What does it mean in Chapter 8 when the pig's head talks to Simon? What is the Beast?

Asked on by nikki103

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robertwilliam's profile pic

robertwilliam | College Teacher | (Level 2) Senior Educator

Posted on

The Beast, is, as Golding's final page has it, "the darkness of man's heart". It's the evil, the fundamental badness, inside all human beings - which has to be fought to prevent human civilisation descending into savagery. And what you're seeing when the "beast" talks here, is Simon hallucinating - remember that Simon suffers from epilepsy (and possibly other things as well) and has some sort of gift of prophecy.

"Maybe... it's only us", Simon says right at the start of the novel. And the Beast gives the same verdict on the situation: "You knew, didn't you? I'm part of you?". It's Simon's mind in dialogue with itself.

It's also a clever pun. The flies swarming around the pig's head give the illusion of movement, making the head seem alive. The head, then, becomes the "Lord" of the flies - which is a translation of "Beelzebub" or the Devil. So what symbolically speaks as "the darkness of man's heart" is also, literally, the lord of the flies - the devil.

Hope it helps!

mwestwood's profile pic

mwestwood | College Teacher | (Level 3) Distinguished Educator

Posted on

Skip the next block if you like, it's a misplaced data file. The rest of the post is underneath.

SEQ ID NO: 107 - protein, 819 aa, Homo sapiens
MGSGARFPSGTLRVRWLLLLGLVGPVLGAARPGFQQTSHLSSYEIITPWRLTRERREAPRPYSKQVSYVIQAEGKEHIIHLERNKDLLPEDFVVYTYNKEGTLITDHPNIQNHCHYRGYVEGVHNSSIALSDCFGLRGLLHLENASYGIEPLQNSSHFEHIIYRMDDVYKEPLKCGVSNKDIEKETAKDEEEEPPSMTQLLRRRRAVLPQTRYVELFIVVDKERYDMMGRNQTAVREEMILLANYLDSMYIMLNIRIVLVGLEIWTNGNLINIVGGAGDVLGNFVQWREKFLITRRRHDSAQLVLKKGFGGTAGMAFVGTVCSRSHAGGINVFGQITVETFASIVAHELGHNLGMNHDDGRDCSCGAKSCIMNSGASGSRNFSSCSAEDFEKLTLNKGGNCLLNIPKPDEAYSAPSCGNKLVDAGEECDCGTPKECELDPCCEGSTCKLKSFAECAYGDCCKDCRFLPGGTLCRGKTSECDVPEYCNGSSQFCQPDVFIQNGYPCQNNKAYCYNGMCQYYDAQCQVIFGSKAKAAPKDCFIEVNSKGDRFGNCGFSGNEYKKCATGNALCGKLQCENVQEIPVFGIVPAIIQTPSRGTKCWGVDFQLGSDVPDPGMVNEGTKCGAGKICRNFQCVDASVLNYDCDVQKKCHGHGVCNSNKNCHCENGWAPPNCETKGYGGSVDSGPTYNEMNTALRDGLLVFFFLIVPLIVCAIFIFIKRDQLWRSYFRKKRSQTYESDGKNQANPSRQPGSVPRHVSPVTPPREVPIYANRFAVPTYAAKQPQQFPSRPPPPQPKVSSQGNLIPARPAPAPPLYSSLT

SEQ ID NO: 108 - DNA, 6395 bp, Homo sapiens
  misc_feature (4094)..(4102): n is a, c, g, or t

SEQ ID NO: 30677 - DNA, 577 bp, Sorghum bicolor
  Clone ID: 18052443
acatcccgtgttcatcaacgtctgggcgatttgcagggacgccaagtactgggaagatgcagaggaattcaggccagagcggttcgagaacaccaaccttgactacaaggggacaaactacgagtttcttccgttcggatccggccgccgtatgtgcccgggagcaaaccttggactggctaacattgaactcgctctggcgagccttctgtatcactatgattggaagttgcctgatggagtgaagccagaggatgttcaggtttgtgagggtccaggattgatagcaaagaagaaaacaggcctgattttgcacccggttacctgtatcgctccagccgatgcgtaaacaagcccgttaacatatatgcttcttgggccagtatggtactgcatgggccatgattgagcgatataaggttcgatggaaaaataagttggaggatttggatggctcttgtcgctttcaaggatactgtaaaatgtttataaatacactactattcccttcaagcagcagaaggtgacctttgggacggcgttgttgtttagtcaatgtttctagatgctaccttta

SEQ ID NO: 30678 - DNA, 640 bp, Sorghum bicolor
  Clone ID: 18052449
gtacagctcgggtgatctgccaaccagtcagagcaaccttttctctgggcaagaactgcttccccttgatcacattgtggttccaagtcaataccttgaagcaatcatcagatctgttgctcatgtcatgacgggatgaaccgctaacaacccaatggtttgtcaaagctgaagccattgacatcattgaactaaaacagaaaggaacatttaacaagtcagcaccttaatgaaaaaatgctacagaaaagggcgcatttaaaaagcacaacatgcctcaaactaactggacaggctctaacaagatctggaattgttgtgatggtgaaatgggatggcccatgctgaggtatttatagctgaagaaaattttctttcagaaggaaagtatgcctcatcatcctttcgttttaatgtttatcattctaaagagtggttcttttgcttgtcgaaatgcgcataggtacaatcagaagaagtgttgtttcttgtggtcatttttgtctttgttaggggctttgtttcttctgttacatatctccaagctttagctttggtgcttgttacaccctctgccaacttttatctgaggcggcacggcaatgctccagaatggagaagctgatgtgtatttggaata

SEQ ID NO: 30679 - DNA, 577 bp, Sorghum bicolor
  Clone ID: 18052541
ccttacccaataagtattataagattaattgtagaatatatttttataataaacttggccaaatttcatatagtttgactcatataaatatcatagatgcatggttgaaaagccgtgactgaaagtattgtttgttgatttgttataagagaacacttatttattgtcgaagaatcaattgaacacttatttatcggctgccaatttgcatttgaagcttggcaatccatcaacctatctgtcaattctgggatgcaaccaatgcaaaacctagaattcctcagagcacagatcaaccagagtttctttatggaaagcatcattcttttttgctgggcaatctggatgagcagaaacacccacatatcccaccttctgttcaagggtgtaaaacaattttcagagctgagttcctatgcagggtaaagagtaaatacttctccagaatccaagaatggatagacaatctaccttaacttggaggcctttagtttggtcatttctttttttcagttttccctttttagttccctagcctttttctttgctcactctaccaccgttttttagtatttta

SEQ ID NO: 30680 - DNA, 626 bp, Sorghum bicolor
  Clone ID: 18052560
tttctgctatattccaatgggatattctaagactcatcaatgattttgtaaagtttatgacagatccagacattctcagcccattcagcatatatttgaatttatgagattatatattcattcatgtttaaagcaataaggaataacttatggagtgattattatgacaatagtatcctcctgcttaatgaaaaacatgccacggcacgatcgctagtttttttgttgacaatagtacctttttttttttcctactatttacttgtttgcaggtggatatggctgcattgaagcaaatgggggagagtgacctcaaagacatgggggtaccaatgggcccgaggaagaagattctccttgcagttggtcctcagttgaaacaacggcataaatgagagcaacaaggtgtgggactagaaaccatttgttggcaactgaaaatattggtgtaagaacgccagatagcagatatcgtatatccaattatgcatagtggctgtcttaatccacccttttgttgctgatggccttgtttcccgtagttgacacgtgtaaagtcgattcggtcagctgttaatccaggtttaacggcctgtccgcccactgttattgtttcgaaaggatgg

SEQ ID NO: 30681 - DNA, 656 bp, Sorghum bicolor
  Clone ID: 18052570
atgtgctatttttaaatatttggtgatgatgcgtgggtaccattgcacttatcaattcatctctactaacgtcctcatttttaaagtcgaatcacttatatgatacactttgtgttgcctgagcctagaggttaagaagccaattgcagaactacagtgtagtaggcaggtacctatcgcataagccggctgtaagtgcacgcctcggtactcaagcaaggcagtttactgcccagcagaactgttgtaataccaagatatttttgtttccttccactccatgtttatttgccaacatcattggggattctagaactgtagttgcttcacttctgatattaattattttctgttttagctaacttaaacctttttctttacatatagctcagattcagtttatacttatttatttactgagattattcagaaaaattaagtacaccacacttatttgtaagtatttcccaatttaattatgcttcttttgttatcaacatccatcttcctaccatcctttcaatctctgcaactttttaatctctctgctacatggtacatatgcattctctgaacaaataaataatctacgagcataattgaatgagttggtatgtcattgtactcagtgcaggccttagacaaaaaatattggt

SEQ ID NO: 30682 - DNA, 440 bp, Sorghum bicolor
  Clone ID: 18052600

To use a phrase from Shakespeare's Julius Caesar, the Beast is "the evil men do." It is a manifestation of man's darker side as it is revealed to Simon.

Simon has tried to suggest to the boys that the Beast that they have seen may possess some of the qualities that they find in themselves. In Chapter Five, Ralph calls an assembly to "put things straight." Ralph wants the boys to understand how important it is to keep a fire going and to build shelters, but he also wishes to discuss another issue.

In the course of the gathering, Ralph wants to discuss the fears that some of the boys experience. The litt'uns talk of "a thing, a dark thing" that frightens them. But the intuitive Simon, who goes to a secluded place, comments on "mankind's essential illness" and suggests that the Beast is "only us."

In Chapter 8, when Simon hides in the clearing and Jack and the hunters have left, he remains where he is after the others depart. Then he sees the pig's head, and even if he closes his eyes the head remains in his mind's eye. When he does open his eyes, the half-closed eyes of the Beast "assured Simon that everything was a bad business" (Ch. 8). Simon recognizes that the evil—the Beast—that exists is inherent in mankind. For this reason, the pig's head with flies swarming it—the Lord of the Flies—seems to say to him, "You knew, didn't you?"

Sources:
wwjd's profile pic

wwjd | Student, Grade 11 | (Level 1) Salutatorian

Posted on

It is also important to realize the symbolism of Simon as the Christ-figure and the pig's head as the devil. The Lord of the Flies tries to tempt Simon through ridicule, just as Satan did to Jesus.

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